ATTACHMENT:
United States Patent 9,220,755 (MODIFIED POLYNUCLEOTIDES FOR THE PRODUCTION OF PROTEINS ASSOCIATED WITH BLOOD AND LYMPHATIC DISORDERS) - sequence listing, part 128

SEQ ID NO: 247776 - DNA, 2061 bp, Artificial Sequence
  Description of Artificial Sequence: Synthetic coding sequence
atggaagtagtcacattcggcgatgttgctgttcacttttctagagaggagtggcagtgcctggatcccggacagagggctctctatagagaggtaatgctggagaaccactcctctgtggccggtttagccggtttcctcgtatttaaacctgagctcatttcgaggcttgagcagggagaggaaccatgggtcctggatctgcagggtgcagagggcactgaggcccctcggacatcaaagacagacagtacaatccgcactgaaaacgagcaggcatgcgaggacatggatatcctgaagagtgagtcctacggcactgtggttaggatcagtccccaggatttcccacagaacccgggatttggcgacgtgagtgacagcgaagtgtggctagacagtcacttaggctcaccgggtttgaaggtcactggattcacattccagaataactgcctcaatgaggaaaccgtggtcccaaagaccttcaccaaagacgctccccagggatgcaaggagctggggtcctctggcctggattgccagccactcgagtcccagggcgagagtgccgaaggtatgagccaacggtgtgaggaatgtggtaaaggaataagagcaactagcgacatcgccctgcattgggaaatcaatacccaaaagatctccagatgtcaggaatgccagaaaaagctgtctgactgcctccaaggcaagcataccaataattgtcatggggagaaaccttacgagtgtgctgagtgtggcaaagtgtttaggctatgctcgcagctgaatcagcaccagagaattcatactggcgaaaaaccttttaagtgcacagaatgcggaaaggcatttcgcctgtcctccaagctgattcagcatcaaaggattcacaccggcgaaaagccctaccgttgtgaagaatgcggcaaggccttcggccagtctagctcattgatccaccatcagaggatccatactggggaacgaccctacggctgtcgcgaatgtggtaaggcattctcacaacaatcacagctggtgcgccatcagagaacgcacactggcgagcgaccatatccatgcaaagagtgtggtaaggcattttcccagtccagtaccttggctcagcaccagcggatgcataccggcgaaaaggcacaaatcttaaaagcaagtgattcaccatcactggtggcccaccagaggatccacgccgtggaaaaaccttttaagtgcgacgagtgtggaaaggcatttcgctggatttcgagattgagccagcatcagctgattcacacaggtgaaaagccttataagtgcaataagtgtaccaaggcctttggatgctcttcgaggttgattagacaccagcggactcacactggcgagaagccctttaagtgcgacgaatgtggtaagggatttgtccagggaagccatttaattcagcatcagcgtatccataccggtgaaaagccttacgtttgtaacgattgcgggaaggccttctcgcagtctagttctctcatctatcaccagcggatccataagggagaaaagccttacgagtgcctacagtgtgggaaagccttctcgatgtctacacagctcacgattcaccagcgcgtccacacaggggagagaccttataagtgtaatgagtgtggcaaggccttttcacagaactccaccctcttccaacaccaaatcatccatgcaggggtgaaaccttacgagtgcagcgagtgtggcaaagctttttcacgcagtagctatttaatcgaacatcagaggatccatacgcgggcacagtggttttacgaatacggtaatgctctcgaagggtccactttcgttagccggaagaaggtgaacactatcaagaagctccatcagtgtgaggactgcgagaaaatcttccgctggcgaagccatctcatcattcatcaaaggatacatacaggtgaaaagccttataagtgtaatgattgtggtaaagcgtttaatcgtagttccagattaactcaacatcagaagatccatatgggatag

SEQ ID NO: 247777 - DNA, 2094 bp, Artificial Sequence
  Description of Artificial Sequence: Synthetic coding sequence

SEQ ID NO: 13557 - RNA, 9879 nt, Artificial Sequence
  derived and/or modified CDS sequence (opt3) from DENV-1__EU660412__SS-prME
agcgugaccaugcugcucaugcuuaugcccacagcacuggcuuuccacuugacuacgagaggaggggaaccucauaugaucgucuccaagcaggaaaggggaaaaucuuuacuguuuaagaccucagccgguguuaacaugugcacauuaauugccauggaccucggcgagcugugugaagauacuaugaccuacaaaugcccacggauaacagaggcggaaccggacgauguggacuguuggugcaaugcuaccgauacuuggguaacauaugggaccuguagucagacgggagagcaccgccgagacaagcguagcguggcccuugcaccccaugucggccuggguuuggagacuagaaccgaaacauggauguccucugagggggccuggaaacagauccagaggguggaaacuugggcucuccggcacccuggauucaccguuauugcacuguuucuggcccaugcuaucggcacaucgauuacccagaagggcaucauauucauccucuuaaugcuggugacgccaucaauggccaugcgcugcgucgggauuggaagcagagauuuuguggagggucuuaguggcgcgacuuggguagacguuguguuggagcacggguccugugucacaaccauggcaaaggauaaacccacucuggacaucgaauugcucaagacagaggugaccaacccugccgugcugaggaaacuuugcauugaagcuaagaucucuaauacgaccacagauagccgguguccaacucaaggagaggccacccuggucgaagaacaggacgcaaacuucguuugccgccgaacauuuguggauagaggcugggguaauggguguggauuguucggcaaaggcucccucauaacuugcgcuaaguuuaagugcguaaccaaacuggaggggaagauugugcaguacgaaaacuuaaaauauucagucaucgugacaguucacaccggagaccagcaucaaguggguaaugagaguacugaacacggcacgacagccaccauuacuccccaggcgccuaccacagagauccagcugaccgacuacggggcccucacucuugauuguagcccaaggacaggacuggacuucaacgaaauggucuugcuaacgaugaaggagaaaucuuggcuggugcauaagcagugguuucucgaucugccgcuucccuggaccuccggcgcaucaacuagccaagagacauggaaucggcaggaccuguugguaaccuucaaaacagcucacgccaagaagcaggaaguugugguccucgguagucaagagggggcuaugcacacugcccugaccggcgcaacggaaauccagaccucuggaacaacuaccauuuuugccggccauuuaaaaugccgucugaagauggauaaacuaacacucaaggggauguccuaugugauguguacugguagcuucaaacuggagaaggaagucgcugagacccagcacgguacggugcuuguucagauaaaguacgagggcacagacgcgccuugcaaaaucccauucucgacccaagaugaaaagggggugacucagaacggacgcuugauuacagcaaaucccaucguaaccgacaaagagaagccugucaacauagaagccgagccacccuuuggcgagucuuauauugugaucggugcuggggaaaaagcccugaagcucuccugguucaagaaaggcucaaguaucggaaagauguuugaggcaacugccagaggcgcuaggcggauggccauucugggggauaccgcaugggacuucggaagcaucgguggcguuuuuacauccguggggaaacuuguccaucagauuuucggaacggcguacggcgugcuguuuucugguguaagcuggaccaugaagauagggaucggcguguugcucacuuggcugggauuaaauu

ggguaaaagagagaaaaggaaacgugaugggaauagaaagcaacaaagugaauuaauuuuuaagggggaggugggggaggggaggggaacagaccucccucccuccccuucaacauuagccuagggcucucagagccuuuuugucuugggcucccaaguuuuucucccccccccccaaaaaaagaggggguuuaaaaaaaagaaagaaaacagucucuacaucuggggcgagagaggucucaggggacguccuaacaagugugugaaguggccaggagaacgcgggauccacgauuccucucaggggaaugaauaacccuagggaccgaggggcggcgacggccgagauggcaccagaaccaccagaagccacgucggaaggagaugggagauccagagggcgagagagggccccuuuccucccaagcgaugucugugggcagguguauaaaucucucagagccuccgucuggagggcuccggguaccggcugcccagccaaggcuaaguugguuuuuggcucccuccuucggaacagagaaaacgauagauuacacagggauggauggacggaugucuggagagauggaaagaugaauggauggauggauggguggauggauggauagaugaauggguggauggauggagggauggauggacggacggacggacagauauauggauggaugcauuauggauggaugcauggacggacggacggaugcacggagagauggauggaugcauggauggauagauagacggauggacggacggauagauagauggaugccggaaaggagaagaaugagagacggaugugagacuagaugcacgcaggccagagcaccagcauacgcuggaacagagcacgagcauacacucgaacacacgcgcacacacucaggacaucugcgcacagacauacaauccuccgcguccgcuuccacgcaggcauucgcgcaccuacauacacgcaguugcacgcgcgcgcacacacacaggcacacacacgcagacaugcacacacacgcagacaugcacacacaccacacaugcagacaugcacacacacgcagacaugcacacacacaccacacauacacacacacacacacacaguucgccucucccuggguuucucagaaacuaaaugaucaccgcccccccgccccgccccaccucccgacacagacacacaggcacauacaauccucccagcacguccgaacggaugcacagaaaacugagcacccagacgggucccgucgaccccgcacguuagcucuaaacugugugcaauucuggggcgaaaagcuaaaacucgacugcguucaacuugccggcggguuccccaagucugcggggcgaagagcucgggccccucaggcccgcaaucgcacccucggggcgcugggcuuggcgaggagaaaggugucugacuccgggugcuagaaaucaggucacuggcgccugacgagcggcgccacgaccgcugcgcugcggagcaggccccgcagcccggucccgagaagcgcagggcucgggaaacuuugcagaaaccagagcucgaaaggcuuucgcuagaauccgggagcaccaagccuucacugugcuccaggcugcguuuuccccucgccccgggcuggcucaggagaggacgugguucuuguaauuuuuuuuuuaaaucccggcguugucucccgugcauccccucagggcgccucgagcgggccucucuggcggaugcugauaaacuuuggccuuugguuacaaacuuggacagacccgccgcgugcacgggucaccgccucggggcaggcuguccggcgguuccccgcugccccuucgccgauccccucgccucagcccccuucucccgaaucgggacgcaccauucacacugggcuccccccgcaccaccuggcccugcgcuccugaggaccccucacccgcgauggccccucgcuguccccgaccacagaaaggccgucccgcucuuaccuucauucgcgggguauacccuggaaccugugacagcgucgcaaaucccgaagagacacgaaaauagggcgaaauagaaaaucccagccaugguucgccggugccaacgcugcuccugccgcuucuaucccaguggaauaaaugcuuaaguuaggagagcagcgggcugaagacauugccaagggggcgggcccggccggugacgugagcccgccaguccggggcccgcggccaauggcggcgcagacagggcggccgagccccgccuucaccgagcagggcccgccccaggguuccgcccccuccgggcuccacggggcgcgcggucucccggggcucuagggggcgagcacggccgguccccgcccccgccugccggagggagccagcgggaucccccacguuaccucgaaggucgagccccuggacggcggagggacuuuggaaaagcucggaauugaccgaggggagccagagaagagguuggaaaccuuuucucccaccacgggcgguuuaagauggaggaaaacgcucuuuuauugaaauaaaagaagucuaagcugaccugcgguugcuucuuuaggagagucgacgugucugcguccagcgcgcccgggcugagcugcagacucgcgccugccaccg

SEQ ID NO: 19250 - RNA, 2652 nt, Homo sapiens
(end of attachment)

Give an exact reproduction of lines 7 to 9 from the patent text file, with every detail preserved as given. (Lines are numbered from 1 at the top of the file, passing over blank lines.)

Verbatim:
SEQ ID NO: 13557 - RNA, 9879 nt, Artificial Sequence
  derived and/or modified CDS sequence (opt3) from DENV-1__EU660412__SS-prME
agcgugaccaugcugcucaugcuuaugcccacagcacuggcuuuccacuugacuacgagaggaggggaaccucauaugaucgucuccaagcaggaaaggggaaaaucuuuacuguuuaagaccucagccgguguuaacaugugcacauuaauugccauggaccucggcgagcugugugaagauacuaugaccuacaaaugcccacggauaacagaggcggaaccggacgauguggacuguuggugcaaugcuaccgauacuuggguaacauaugggaccuguagucagacgggagagcaccgccgagacaagcguagcguggcccuugcaccccaugucggccuggguuuggagacuagaaccgaaacauggauguccucugagggggccuggaaacagauccagaggguggaaacuugggcucuccggcacccuggauucaccguuauugcacuguuucuggcccaugcuaucggcacaucgauuacccagaagggcaucauauucauccucuuaaugcuggugacgccaucaauggccaugcgcugcgucgggauuggaagcagagauuuuguggagggucuuaguggcgcgacuuggguagacguuguguuggagcacggguccugugucacaaccauggcaaaggauaaacccacucuggacaucgaauugcucaagacagaggugaccaacccugccgugcugaggaaacuuugcauugaagcuaagaucucuaauacgaccacagauagccgguguccaacucaaggagaggccacccuggucgaagaacaggacgcaaacuucguuugccgccgaacauuuguggauagaggcugggguaauggguguggauuguucggcaaaggcucccucauaacuugcgcuaaguuuaagugcguaaccaaacuggaggggaagauugugcaguacgaaaacuuaaaauauucagucaucgugacaguucacaccggagaccagcaucaaguggguaaugagaguacugaacacggcacgacagccaccauuacuccccaggcgccuaccacagagauccagcugaccgacuacggggcccucacucuugauuguagcccaaggacaggacuggacuucaacgaaauggucuugcuaacgaugaaggagaaaucuuggcuggugcauaagcagugguuucucgaucugccgcuucccuggaccuccggcgcaucaacuagccaagagacauggaaucggcaggaccuguugguaaccuucaaaacagcucacgccaagaagcaggaaguugugguccucgguagucaagagggggcuaugcacacugcccugaccggcgcaacggaaauccagaccucuggaacaacuaccauuuuugccggccauuuaaaaugccgucugaagauggauaaacuaacacucaaggggauguccuaugugauguguacugguagcuucaaacuggagaaggaagucgcugagacccagcacgguacggugcuuguucagauaaaguacgagggcacagacgcgccuugcaaaaucccauucucgacccaagaugaaaagggggugacucagaacggacgcuugauuacagcaaaucccaucguaaccgacaaagagaagccugucaacauagaagccgagccacccuuuggcgagucuuauauugugaucggugcuggggaaaaagcccugaagcucuccugguucaagaaaggcucaaguaucggaaagauguuugaggcaacugccagaggcgcuaggcggauggccauucugggggauaccgcaugggacuucggaagcaucgguggcguuuuuacauccguggggaaacuuguccaucagauuuucggaacggcguacggcgugcuguuuucugguguaagcuggaccaugaagauagggaucggcguguugcucacuuggcugggauuaaauu